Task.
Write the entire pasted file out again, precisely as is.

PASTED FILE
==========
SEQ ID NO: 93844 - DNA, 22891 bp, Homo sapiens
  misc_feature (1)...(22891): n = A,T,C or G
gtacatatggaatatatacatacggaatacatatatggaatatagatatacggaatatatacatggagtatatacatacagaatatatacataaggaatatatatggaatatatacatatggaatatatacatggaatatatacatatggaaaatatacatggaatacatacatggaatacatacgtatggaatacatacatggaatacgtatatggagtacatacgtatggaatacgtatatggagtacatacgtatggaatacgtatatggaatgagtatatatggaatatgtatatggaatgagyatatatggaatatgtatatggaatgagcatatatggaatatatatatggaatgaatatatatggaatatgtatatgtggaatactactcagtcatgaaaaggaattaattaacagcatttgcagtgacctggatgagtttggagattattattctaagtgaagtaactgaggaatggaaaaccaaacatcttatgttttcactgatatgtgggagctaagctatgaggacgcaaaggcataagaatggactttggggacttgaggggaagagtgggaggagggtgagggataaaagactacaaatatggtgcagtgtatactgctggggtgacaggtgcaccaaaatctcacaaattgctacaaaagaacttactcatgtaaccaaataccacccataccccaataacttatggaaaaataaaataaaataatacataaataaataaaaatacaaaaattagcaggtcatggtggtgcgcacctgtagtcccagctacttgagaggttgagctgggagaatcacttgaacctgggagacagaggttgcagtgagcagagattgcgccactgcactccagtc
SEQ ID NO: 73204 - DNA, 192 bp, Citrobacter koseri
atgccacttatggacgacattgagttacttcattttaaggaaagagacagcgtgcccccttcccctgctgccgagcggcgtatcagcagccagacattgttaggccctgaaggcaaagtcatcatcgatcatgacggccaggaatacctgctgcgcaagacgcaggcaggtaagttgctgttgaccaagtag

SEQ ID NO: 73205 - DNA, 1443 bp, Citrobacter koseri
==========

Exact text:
SEQ ID NO: 93844 - DNA, 22891 bp, Homo sapiens
  misc_feature (1)...(22891): n = A,T,C or G
gtacatatggaatatatacatacggaatacatatatggaatatagatatacggaatatatacatggagtatatacatacagaatatatacataaggaatatatatggaatatatacatatggaatatatacatggaatatatacatatggaaaatatacatggaatacatacatggaatacatacgtatggaatacatacatggaatacgtatatggagtacatacgtatggaatacgtatatggagtacatacgtatggaatacgtatatggaatgagtatatatggaatatgtatatggaatgagyatatatggaatatgtatatggaatgagcatatatggaatatatatatggaatgaatatatatggaatatgtatatgtggaatactactcagtcatgaaaaggaattaattaacagcatttgcagtgacctggatgagtttggagattattattctaagtgaagtaactgaggaatggaaaaccaaacatcttatgttttcactgatatgtgggagctaagctatgaggacgcaaaggcataagaatggactttggggacttgaggggaagagtgggaggagggtgagggataaaagactacaaatatggtgcagtgtatactgctggggtgacaggtgcaccaaaatctcacaaattgctacaaaagaacttactcatgtaaccaaataccacccataccccaataacttatggaaaaataaaataaaataatacataaataaataaaaatacaaaaattagcaggtcatggtggtgcgcacctgtagtcccagctacttgagaggttgagctgggagaatcacttgaacctgggagacagaggttgcagtgagcagagattgcgccactgcactccagtc
SEQ ID NO: 73204 - DNA, 192 bp, Citrobacter koseri
atgccacttatggacgacattgagttacttcattttaaggaaagagacagcgtgcccccttcccctgctgccgagcggcgtatcagcagccagacattgttaggccctgaaggcaaagtcatcatcgatcatgacggccaggaatacctgctgcgcaagacgcaggcaggtaagttgctgttgaccaagtag

SEQ ID NO: 73205 - DNA, 1443 bp, Citrobacter koseri